IE 11 is not supported. For an optimal experience visit our site on another browser.

U.S. oil prices stuck above $35 a barrel

Oil prices held strong on Wednesday as the market braced for the possibility of tighter U.S. gasoline supplies while the soft dollar lent some support.
/ Source: Reuters

Oil prices held strong on Wednesday as the market braced for the possibility of tighter U.S. gasoline supplies while the soft dollar lent some support.

U.S. light crude for March eased nine cents to $35.10 a barrel after adding 63 cents on Tuesday. London Brent rose 61 cents to $31.30 a barrel.

Prices for U.S. crude are heading back towards January’s post-Iraq war high of over $36 a barrel after OPEC’s surprise decision last week to cut output quotas.

The market has found support from gasoline futures, which rallied in the United States on Monday after an unplanned shutdown of a gasoline-making unit at BP’s Texas refinery. Repair work was continuing, BP said.

A Reuters poll showed analysts expect a 630,000-barrel fall in U.S. gasoline stocks last week. Crude stocks are forecast to have risen by one million barrels.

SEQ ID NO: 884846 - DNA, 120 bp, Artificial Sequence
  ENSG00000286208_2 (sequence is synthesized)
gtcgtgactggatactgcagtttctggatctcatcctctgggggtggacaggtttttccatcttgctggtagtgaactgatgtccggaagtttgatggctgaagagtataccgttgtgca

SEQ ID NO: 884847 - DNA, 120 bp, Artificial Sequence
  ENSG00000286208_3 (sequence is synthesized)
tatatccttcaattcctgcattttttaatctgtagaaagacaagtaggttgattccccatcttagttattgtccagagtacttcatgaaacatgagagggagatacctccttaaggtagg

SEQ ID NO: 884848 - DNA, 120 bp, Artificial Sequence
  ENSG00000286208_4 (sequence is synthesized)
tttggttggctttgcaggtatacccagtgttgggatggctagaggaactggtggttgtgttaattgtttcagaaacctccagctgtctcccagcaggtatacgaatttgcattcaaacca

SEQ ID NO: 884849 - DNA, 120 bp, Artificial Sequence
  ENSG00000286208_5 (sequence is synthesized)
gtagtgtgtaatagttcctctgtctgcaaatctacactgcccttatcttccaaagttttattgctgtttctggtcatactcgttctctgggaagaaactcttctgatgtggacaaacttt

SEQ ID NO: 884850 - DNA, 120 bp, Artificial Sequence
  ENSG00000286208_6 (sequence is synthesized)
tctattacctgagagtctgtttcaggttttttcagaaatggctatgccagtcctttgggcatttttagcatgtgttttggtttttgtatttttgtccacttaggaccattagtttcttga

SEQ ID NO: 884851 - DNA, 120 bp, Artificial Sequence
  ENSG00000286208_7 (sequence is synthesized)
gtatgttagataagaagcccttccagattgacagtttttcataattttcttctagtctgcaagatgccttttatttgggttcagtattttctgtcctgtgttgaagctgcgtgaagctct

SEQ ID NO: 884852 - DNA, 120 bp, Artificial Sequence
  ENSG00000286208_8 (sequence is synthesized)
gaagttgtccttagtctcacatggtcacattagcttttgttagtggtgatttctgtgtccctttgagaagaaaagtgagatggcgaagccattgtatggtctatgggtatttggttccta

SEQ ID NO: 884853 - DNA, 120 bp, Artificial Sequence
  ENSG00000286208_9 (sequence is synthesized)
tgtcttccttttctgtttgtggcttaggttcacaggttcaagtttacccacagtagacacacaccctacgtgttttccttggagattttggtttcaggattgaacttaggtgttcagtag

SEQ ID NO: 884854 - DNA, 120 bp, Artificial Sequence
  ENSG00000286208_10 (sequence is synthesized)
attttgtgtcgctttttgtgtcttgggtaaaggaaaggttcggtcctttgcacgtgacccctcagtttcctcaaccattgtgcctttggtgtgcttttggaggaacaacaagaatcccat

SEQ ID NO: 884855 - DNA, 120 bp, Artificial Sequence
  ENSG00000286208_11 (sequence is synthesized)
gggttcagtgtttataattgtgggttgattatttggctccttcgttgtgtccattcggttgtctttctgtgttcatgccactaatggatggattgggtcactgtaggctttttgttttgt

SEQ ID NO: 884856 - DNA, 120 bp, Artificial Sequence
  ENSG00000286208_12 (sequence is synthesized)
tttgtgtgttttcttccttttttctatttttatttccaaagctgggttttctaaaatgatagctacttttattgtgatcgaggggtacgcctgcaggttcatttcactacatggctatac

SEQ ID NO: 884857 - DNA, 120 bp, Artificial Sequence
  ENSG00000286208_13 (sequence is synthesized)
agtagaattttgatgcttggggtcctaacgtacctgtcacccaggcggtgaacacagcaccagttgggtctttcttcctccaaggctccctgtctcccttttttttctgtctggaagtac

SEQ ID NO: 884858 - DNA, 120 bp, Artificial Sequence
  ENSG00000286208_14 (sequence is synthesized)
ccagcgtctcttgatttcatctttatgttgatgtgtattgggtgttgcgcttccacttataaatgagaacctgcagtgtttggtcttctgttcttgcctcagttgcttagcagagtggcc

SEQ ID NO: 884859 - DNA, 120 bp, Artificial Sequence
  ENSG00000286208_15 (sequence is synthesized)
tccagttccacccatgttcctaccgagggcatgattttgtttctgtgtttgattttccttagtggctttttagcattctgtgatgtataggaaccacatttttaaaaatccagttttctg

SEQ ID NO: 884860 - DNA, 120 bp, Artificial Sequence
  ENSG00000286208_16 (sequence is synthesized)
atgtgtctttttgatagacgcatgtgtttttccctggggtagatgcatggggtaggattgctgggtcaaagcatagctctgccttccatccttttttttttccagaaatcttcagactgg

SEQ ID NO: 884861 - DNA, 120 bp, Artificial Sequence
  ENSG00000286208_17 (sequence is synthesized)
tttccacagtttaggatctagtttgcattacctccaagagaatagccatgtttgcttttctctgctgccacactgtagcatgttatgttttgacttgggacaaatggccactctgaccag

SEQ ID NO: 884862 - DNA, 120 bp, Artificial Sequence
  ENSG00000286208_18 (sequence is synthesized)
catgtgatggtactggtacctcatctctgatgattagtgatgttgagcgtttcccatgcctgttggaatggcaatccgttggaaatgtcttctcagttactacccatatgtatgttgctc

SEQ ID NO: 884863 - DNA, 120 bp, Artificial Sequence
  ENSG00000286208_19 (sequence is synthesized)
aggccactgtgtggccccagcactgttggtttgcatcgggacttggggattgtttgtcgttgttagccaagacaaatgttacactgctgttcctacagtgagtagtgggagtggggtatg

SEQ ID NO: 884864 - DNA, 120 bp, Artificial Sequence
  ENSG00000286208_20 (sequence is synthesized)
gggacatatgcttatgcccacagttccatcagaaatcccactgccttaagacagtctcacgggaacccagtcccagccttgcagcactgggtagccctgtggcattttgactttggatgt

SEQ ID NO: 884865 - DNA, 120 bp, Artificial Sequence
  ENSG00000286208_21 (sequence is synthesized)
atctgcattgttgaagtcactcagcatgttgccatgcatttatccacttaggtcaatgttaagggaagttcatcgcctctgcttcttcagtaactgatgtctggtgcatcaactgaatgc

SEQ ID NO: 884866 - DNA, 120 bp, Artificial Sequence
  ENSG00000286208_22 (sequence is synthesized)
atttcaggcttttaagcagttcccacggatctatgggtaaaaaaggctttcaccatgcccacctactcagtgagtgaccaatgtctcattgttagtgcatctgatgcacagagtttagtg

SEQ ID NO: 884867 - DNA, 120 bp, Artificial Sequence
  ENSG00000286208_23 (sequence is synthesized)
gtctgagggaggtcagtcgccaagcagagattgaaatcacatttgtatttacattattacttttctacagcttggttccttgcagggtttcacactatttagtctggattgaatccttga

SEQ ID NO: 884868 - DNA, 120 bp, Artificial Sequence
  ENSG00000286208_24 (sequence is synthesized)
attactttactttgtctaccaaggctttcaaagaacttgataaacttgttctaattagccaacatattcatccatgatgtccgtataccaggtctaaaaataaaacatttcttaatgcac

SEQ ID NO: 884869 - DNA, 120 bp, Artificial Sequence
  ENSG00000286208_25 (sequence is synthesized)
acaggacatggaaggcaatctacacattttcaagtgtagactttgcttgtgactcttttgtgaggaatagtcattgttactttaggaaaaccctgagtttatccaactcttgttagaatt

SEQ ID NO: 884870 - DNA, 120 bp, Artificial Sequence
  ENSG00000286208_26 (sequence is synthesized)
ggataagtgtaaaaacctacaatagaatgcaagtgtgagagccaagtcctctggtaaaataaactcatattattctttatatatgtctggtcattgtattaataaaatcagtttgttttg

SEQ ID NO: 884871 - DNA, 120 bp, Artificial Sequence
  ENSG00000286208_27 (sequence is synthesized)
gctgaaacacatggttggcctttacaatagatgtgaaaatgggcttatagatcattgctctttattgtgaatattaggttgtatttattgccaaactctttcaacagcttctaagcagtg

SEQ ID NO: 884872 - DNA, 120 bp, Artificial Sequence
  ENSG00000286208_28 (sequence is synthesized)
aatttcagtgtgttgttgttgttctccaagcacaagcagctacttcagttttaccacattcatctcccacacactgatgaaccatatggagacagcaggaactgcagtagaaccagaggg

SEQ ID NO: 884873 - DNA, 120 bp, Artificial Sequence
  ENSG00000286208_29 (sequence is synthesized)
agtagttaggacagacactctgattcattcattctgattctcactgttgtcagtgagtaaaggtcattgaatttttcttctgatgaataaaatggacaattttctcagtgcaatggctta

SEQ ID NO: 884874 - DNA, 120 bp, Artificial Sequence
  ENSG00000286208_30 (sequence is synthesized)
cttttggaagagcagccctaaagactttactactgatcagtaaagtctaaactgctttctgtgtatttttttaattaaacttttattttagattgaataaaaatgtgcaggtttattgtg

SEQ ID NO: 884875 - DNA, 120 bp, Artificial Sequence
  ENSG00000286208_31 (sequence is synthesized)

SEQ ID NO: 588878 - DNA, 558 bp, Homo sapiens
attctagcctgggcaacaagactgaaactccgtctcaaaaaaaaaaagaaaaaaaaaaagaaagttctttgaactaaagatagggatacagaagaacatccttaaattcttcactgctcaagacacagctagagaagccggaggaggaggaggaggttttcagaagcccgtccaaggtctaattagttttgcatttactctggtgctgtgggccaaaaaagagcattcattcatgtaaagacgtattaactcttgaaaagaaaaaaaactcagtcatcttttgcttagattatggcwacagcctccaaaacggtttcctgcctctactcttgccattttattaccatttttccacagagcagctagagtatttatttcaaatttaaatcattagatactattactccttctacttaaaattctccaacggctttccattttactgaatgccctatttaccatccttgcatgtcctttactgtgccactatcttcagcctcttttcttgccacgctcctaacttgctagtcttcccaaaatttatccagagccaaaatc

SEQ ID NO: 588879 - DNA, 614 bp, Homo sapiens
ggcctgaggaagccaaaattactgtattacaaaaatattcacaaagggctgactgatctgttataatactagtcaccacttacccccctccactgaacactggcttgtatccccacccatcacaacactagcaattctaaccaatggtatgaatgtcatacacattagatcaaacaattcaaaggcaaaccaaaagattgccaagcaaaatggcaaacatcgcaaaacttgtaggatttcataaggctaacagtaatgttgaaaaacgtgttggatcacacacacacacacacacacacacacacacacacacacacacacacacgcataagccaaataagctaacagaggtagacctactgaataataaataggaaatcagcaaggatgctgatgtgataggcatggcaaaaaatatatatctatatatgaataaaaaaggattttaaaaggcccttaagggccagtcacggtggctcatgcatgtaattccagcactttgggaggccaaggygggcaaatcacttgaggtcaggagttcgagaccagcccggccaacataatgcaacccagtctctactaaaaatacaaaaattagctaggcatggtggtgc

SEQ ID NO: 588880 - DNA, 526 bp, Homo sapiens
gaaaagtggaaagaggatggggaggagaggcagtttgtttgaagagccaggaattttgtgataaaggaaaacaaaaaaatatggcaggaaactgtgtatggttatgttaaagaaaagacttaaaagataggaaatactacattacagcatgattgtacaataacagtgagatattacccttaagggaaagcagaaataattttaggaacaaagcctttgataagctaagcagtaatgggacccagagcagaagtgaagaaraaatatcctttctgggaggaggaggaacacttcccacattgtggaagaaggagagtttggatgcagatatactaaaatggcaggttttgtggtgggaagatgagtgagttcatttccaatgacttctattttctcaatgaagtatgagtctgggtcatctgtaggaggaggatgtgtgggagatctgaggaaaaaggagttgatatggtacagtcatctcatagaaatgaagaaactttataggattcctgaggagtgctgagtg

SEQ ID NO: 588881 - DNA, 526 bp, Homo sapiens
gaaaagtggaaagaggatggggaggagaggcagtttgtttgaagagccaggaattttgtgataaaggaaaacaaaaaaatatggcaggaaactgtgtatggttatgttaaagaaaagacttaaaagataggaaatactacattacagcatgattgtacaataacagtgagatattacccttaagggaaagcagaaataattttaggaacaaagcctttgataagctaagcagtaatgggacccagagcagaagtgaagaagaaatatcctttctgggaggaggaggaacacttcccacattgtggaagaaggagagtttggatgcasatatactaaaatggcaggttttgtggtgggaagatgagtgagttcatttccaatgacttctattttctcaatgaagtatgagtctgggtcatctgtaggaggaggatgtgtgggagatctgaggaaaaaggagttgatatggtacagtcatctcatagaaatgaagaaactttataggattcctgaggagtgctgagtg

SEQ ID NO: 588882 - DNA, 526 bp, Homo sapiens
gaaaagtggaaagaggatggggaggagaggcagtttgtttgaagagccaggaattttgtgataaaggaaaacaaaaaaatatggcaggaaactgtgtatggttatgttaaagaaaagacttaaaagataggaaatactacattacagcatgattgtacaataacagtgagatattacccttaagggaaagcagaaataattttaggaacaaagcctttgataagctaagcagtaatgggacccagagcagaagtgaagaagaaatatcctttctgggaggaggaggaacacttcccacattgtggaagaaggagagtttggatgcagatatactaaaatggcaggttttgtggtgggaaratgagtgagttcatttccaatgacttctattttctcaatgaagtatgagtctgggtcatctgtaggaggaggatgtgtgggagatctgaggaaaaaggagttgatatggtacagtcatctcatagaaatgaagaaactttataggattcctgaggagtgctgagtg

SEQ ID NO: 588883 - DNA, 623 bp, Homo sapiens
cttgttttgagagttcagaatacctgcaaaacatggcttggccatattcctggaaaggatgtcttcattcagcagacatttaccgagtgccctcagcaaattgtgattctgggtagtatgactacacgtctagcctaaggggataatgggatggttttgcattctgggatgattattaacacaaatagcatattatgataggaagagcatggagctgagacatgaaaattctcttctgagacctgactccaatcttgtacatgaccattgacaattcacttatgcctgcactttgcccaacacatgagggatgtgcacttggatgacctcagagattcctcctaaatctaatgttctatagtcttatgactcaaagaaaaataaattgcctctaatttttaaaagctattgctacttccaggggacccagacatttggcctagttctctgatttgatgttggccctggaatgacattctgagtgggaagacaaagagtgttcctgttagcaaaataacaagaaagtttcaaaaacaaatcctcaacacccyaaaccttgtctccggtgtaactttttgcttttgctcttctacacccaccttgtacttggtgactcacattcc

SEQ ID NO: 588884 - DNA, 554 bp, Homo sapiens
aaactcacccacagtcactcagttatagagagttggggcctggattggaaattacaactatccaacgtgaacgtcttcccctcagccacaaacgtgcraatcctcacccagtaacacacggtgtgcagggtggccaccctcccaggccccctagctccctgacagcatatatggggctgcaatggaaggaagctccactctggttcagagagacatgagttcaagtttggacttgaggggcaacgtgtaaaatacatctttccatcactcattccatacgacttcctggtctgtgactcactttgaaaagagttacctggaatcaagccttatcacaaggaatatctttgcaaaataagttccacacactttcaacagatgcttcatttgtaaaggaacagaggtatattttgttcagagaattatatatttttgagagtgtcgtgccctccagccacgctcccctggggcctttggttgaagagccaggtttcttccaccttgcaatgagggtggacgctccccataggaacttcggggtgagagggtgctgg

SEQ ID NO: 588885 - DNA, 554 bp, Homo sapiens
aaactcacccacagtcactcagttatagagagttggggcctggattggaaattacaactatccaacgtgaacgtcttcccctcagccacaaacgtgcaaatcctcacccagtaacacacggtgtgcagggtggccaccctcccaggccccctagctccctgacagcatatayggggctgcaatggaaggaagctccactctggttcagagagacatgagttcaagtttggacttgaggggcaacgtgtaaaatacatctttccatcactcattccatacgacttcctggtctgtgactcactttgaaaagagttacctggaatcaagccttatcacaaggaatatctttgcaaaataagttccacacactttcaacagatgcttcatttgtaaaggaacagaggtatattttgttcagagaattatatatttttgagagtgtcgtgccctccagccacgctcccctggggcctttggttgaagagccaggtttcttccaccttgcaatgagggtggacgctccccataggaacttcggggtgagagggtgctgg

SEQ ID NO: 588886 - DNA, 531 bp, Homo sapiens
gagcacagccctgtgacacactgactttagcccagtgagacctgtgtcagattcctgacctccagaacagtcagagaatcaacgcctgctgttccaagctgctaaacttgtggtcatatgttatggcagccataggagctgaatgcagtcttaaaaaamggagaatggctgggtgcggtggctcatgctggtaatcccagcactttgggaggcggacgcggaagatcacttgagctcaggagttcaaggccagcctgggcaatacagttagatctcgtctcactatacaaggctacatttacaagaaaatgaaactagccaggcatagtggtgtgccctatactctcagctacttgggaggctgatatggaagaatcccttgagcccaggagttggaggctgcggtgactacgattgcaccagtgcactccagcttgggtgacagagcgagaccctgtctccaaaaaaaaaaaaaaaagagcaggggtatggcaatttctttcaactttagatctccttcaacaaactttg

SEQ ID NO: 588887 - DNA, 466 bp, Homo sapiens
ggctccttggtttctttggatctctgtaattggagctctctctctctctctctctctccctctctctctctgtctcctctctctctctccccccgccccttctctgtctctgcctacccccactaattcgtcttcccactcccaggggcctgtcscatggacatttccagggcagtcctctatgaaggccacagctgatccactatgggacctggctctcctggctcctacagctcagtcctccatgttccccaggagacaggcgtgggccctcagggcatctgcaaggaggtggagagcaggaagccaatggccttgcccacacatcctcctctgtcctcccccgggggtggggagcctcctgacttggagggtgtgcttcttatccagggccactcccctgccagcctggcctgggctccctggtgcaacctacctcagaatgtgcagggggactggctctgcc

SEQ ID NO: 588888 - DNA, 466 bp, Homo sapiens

The U.S. Energy Information Administration (EIA) releases inventory data for the week to February 13 on Thursday, a one-day delay due to Monday’s Presidents Day holiday.

U.S. dollar weakness against the euro and other major currencies is helping underpin oil prices.

“The U.S. dollar weakness has a mild beneficial impact on NYMEX,” said David Thurtell, a commodity strategist from Commonwealth Research.

The euro hit a new record high against the dollar on Wednesday at $1.29, while sterling pushed to a fresh 11-year high of over $1.91.

The Organisation of the Petroleum Exporting Countries at a meeting in Algiers last week agreed to cut supply limits by one million barrels per day to 23.5 million bpd from April to counter a seasonal second quarter decline in fuel demand.

OPEC, which controls half the world’s oil exports, also said it would act immediately to cut 1.5 million bpd of over-production by its members above existing quota limits.

But traders say OPEC’s biggest producers so far have yet to abide by the deal, leaving actual supplies unchanged for sales in March.